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  • Pettyfest @ El Rey Theatre
Tags: / Credit: Andrew Youssef
Pettyfest

“This is a lot of Alpha energy to wrangle,” Guster’s Ryan Miller said in testament to Alex Levy and the Cabin Down Below Band’s work last night. “This is a hard thing to organize.” And that’s probably true of most every tribute concert of this nature, as it has probably been true of the decade of Petty Fest’s preceding last night’s. But for this debut Los Angeles installment, the nature of those Alphas was distinct, peculiar, and fitting the environment. The NYC jam last month had Devendra Banhart. Last night had Johnny Depp in a feathered hat for six songs. Also it’s cool how you learn certain things about smoking in California venues when Johnny Depp comes to your show, like how it’s totally prohibited, unless you are onstage, and wearing a feathered hat, and called Johnny Depp. Aspirational loophole for you cloves smokers out there.

Most every installment of the Best Fest series — which include similar productions honoring Dylan and the Stones — are a motley melange of actors, comedians, and rock stars, congregated to worship the work of the evening’s predesignated demigod. Last night’s idol, Tom Petty, is custom-built for this sorta thing. Over a long and storied career, Petty’s work is a testament to the enduring resonance of the open-voiced guitar chord, and proof you can find unprecedentedly memorable melodies within them if only you were inspired enough. These are songs built to belt out loud. They are tunes built for a feel good night (a fact enhanced by the fest’s pledge that all the night’s proceeds would benefit the musicians’ charity Sweet Relief and Hurricane Sandy victims, and the cups of whiskey flowing from the night’s primary and visible sponsor, Jameson.) And this wasn’t a night for reinvention, but rather revisitation. It’s live karaoke where the fun is in the stunt casting, the songbook, and the bizarre onstage combinations of humans giving it voice.

You had Sarah Silverman sing “Don’t Come Around Here,” and Hangover man Justin Bartha do “Into The Great Wide Open,” and the aforementioned Depp, who is unforgettably tied to the Petty legacy via his appearance in the “Into The Great Wide Open” video. Walk Of Fame aside, the actual musician list ran fairly deep — Albert, Fab, Nick from the Strokes, Pat from the Black Keys, Jared from the Kings Of Leon, Petty Fest fixture Nicole Atkins, golden voiced Har Mar Superstar, Rodrigo from Little Joy, Petter from Alberta Cross, Paul Simon’s son, Jenny O, Matt Sorum, Butch Walker, Ryan from Guster, Landon Pigg, some Eagles Of Death Metal, and Ke$ha who, when she arrived, saw the room collectively gasp and take four steps forward (though that definitely had more to do with the simultaneous and honestly magnetic arrival of Captain Jack Sparrow).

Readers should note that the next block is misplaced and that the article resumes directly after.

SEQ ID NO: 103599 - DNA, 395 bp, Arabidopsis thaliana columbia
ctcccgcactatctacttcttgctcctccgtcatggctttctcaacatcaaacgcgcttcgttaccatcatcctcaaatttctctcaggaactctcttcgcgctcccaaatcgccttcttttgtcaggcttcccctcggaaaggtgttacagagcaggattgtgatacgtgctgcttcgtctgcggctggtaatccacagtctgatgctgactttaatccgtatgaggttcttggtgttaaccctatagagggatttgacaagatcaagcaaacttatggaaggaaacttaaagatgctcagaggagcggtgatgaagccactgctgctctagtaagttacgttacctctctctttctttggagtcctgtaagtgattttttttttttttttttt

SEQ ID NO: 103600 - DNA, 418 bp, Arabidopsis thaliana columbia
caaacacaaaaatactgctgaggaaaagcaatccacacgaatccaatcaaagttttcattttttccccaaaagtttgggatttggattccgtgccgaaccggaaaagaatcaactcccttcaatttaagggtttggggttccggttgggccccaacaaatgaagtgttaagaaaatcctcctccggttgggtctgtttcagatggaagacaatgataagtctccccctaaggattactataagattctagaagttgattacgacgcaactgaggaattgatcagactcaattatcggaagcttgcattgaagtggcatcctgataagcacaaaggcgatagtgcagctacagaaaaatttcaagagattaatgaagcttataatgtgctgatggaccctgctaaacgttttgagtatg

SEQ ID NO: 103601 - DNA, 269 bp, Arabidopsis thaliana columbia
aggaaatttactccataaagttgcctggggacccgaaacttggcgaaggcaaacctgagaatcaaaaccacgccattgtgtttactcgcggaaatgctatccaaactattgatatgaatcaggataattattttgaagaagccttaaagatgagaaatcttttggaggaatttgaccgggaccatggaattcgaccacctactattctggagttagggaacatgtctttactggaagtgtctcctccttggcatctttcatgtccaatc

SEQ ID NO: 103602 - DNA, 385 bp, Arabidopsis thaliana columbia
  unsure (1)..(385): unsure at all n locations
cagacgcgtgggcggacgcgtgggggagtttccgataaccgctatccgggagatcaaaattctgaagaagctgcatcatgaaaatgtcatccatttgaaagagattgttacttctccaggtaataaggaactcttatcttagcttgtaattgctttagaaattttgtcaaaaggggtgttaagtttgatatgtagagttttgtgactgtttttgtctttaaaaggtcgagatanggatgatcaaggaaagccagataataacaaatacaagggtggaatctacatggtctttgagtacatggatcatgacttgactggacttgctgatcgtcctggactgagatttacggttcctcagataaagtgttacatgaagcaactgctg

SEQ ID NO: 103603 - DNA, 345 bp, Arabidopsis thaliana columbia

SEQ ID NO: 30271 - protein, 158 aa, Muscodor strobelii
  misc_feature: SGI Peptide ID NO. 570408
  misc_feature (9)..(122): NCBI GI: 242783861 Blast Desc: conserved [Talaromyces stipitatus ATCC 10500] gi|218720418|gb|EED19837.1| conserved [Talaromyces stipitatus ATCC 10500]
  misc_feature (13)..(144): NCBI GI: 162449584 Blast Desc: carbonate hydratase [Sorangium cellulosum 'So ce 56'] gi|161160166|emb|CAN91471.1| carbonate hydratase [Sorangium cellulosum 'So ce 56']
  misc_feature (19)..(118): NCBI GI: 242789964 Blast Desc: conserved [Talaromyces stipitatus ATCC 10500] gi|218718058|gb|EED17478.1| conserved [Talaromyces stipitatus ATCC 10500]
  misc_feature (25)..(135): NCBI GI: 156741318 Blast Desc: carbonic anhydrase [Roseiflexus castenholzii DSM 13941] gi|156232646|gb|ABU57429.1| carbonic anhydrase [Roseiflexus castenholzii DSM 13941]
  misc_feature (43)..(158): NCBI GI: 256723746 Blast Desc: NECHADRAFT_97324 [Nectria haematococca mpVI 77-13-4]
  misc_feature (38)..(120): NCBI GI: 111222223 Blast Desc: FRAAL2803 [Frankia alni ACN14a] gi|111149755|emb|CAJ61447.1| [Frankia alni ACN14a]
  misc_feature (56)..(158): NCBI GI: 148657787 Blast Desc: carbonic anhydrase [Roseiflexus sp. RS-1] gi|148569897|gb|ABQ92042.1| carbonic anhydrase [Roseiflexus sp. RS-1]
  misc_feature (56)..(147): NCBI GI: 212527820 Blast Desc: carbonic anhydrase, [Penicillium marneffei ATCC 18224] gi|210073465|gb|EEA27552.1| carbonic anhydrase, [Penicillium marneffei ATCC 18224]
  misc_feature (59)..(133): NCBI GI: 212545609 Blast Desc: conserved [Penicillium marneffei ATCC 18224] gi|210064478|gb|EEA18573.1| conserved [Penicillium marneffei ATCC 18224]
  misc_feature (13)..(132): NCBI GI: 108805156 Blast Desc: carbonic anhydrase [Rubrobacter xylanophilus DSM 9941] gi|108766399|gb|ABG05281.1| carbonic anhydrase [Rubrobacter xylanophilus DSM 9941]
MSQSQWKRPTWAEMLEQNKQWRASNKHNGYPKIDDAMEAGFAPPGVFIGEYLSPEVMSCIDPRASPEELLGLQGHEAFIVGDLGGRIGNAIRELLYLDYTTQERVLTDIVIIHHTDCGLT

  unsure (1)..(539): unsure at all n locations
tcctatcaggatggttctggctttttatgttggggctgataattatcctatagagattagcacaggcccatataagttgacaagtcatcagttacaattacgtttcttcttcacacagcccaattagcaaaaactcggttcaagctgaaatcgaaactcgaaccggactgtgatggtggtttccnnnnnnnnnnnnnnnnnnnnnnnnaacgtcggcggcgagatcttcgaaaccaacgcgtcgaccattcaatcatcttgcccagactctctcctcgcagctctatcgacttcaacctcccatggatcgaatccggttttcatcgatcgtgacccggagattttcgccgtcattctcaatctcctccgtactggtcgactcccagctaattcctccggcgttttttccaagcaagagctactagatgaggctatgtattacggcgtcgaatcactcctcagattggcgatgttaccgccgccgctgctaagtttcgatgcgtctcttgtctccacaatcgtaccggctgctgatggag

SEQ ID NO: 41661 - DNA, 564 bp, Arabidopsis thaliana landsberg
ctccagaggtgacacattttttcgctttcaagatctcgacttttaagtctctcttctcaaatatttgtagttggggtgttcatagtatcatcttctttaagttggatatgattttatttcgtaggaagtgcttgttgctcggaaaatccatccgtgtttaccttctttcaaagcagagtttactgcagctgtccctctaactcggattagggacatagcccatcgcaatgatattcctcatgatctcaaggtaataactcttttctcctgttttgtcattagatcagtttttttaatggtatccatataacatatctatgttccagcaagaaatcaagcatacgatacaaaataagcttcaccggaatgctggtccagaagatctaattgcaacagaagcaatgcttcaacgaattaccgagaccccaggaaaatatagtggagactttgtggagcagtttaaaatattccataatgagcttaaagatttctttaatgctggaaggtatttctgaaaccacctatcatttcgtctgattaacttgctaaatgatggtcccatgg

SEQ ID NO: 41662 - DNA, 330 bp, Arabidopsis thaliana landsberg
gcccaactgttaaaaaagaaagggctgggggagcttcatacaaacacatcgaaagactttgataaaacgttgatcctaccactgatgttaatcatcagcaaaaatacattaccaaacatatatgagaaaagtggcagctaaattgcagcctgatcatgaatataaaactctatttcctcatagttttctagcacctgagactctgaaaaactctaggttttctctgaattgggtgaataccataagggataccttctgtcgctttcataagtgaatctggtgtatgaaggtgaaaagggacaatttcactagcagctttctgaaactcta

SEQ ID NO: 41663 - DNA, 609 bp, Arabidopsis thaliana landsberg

The show’s album of choice was Wildflowers — covered nearly completely, and giving the “Cabin Down Below” band (Alex Levy, Matt Romano, and Rolling Stone scribe Austin Scaggs) its name — but its grand finale came from a trio of stone cold classics from other years: the Traveling Wilburys’ “Handle With Care,” and Petty’s own “American Girl” and “Free Fallin’.” The whole artist list crashed the stage for those, and while the affair had an overarching, starry LA sheen, it drew strength and purpose from its NYC roots. Most of the roster spoke to “flying out of a hurricane to be with you tonight.” East coaster Nicole Atkins spearheaded a Tom Petty-signed guitar auction specifically to benefit her New Jersey hometown, which was essentially washed away by Sandy. (A fact bringing new meaning, and a charitable reprise, to her single “Neptune City.”) It was a night of corporate branding and the like, but one harnessing a fair degree of collective fabulousness in service of a greater good. The singer of “American Girl” managed to raise thousands of dollars for hard-up Americans, in absentia and just by virtue of his art, which is true Life Champion type shit. Good job everyone. Photos by the ever talented Andrew Youssef.

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